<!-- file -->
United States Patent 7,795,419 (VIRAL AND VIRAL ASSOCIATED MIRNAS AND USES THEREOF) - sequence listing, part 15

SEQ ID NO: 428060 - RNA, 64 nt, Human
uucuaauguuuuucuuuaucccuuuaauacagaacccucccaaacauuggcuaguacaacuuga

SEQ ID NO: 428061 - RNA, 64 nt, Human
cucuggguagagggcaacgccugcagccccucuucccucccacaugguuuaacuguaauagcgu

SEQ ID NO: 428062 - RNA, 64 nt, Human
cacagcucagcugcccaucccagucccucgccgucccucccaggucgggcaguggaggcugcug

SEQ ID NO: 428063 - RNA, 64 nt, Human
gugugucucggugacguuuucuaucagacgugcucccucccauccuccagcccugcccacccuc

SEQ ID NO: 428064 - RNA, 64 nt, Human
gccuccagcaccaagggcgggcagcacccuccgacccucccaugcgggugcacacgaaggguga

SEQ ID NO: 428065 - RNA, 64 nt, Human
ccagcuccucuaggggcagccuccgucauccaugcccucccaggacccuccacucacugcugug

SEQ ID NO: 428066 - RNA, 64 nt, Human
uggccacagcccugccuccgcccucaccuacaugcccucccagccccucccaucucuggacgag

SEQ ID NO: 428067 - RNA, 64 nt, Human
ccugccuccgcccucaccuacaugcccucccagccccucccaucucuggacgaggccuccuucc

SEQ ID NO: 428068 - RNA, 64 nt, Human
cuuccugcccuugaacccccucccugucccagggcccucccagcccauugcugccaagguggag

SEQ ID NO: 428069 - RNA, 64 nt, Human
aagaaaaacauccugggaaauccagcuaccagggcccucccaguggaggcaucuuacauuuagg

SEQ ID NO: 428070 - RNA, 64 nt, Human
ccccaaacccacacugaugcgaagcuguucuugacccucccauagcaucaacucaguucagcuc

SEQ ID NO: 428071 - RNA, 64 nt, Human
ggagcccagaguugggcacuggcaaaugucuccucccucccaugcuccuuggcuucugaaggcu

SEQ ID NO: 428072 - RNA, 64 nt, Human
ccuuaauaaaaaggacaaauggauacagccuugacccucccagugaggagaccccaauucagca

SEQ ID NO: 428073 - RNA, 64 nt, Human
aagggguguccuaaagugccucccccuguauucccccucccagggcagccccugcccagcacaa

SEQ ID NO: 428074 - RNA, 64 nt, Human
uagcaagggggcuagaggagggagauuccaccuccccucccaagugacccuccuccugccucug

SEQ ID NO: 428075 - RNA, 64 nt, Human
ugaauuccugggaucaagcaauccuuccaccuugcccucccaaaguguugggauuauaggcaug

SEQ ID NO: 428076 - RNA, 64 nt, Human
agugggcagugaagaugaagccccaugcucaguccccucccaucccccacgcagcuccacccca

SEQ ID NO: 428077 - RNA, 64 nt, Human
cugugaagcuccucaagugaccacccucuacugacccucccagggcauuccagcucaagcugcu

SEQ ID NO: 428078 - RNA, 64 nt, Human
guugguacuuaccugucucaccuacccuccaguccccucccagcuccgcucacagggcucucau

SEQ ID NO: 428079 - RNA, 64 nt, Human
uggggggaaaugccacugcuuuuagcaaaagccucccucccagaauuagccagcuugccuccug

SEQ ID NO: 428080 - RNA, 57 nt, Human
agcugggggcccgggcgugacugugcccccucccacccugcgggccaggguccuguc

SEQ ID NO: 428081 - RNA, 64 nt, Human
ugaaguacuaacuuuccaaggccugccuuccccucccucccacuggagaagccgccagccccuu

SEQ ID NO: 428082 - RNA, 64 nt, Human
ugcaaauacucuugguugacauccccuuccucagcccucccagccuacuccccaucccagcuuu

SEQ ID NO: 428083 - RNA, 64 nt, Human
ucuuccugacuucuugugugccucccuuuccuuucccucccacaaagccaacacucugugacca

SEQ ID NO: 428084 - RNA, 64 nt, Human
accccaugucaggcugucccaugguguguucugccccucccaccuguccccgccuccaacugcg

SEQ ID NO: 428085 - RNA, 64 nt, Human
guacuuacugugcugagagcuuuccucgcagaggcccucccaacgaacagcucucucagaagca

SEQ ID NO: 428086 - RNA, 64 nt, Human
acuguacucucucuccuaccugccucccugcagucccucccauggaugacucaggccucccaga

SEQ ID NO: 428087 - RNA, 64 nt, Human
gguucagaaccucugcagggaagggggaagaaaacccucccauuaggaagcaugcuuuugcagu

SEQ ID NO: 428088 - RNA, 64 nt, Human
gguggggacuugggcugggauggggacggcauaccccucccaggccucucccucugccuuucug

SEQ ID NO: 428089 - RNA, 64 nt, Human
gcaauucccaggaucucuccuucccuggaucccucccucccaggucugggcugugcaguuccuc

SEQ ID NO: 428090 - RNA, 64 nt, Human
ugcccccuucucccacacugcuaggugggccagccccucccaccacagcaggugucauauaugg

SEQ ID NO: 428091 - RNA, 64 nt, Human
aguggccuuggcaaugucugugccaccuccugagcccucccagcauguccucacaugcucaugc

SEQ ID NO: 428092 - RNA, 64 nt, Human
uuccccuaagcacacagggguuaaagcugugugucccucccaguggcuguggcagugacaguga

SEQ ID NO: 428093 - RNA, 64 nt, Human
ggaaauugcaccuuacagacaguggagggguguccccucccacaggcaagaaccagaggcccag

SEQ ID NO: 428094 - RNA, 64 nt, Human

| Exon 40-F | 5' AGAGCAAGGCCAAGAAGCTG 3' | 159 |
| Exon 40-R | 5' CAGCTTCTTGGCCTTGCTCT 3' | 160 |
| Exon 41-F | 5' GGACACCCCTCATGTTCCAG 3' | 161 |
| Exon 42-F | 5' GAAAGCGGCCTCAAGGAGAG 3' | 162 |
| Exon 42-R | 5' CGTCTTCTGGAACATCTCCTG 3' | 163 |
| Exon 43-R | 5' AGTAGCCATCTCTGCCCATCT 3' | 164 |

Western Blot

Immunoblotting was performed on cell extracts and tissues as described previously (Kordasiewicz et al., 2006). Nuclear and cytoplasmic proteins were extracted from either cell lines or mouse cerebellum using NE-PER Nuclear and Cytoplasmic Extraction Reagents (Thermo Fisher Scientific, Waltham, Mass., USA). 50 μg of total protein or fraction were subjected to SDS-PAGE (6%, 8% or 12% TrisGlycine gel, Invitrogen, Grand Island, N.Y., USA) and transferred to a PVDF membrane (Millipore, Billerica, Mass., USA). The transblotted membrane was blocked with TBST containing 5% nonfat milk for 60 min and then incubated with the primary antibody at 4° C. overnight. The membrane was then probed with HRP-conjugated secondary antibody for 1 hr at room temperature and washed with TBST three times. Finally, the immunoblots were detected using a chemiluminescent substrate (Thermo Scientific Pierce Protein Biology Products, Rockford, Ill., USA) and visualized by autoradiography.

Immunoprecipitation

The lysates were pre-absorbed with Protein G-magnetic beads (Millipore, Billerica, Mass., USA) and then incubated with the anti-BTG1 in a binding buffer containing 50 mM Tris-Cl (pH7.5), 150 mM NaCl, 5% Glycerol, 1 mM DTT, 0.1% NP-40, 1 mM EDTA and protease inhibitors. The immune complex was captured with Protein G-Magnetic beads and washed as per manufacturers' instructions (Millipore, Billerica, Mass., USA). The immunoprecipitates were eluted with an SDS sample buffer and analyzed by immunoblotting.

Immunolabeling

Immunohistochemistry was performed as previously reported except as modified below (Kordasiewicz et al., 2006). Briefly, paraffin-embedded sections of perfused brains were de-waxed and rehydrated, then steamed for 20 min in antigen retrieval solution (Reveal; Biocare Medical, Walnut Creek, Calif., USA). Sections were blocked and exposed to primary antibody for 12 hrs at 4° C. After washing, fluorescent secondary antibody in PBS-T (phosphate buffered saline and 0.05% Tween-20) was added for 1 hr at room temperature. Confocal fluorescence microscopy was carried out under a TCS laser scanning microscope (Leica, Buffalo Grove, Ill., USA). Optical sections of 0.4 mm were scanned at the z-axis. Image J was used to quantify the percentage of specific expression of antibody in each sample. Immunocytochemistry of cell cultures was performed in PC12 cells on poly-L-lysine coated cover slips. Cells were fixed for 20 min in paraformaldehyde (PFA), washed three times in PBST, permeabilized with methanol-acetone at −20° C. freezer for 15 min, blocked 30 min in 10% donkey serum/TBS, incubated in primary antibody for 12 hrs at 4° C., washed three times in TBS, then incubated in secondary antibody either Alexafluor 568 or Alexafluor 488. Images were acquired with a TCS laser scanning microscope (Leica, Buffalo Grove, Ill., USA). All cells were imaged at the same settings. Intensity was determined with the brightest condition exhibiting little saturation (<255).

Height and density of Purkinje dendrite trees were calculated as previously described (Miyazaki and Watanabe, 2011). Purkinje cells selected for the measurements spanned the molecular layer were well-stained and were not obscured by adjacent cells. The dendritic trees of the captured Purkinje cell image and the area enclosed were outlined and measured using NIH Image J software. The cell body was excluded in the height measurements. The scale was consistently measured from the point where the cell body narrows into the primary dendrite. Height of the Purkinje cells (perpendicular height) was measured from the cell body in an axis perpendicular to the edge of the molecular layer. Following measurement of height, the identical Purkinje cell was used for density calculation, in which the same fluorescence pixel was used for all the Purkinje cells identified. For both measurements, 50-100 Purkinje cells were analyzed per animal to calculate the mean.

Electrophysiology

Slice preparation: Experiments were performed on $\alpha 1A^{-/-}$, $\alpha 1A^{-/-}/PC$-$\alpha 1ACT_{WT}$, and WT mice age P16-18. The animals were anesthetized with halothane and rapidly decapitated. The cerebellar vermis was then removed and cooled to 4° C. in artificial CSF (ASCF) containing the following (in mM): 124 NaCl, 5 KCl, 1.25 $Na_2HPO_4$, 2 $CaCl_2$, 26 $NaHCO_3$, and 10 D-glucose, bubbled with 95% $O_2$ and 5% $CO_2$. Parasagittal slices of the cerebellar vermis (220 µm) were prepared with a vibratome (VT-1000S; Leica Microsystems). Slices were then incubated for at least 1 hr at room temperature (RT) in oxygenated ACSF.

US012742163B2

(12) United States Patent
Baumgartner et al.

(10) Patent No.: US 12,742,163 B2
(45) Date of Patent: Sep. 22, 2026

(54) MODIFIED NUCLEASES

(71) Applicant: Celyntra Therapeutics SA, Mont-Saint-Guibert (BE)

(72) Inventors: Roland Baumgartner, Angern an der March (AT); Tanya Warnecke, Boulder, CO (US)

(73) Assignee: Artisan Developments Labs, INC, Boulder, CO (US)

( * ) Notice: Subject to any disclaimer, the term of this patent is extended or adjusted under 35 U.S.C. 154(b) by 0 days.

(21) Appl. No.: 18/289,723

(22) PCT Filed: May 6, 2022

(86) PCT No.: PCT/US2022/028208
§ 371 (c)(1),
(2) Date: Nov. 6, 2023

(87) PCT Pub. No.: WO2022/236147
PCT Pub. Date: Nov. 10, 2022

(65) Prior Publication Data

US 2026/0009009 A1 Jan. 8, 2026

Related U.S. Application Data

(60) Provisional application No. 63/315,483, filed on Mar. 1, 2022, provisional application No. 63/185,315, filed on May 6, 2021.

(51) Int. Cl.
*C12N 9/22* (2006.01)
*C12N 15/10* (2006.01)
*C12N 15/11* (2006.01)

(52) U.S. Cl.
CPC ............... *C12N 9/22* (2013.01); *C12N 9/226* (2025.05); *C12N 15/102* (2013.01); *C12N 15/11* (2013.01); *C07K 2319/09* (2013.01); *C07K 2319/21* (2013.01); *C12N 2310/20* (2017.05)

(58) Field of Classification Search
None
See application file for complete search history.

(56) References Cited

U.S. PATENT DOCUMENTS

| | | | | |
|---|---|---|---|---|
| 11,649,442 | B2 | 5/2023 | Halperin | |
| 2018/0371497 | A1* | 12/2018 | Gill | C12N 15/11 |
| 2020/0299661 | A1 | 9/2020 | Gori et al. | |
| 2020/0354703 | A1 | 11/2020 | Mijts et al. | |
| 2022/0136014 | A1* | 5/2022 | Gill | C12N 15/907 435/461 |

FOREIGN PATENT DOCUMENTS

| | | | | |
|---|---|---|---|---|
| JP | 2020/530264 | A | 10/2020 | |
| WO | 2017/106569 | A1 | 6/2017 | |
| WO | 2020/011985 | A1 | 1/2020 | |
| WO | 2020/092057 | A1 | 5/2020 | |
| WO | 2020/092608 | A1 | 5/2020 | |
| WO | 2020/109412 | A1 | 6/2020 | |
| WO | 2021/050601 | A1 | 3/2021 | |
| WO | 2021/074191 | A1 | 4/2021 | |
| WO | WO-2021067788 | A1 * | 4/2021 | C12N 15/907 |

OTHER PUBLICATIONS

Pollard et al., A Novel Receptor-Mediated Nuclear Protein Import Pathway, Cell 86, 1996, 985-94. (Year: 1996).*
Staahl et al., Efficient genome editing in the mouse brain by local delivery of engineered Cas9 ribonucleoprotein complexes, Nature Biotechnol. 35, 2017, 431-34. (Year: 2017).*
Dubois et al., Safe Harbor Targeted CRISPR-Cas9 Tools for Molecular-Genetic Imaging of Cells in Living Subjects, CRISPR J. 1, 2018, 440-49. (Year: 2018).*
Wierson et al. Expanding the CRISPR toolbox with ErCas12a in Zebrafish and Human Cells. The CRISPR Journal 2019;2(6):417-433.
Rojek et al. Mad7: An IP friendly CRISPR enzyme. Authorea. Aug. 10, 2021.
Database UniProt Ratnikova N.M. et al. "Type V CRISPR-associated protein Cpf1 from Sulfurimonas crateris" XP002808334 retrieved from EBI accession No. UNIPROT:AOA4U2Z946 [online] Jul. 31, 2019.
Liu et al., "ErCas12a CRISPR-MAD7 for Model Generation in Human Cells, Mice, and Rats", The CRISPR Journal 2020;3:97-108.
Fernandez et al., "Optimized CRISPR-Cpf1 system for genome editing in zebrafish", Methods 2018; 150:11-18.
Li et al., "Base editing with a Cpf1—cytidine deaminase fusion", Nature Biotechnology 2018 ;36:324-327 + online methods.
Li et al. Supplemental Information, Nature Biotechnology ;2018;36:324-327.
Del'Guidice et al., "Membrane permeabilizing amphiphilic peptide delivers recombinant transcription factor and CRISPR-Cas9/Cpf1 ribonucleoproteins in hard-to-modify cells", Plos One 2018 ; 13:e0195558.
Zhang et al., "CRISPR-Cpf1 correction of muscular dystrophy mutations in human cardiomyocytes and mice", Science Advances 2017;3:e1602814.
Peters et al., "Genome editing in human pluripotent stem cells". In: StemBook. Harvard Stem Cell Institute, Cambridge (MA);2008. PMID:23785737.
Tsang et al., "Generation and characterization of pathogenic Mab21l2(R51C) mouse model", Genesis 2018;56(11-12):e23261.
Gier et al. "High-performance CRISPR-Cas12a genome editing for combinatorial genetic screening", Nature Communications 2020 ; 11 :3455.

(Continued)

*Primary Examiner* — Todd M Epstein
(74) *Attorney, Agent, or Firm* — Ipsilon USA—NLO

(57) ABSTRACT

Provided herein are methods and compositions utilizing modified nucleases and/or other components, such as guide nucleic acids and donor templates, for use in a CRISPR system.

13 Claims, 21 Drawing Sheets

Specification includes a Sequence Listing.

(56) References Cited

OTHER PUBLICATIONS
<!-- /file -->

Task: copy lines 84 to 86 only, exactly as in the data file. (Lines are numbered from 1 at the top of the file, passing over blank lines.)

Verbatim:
Electrophysiology

Slice preparation: Experiments were performed on $\alpha 1A^{-/-}$, $\alpha 1A^{-/-}/PC$-$\alpha 1ACT_{WT}$, and WT mice age P16-18. The animals were anesthetized with halothane and rapidly decapitated. The cerebellar vermis was then removed and cooled to 4° C. in artificial CSF (ASCF) containing the following (in mM): 124 NaCl, 5 KCl, 1.25 $Na_2HPO_4$, 2 $CaCl_2$, 26 $NaHCO_3$, and 10 D-glucose, bubbled with 95% $O_2$ and 5% $CO_2$. Parasagittal slices of the cerebellar vermis (220 µm) were prepared with a vibratome (VT-1000S; Leica Microsystems). Slices were then incubated for at least 1 hr at room temperature (RT) in oxygenated ACSF.

US012742163B2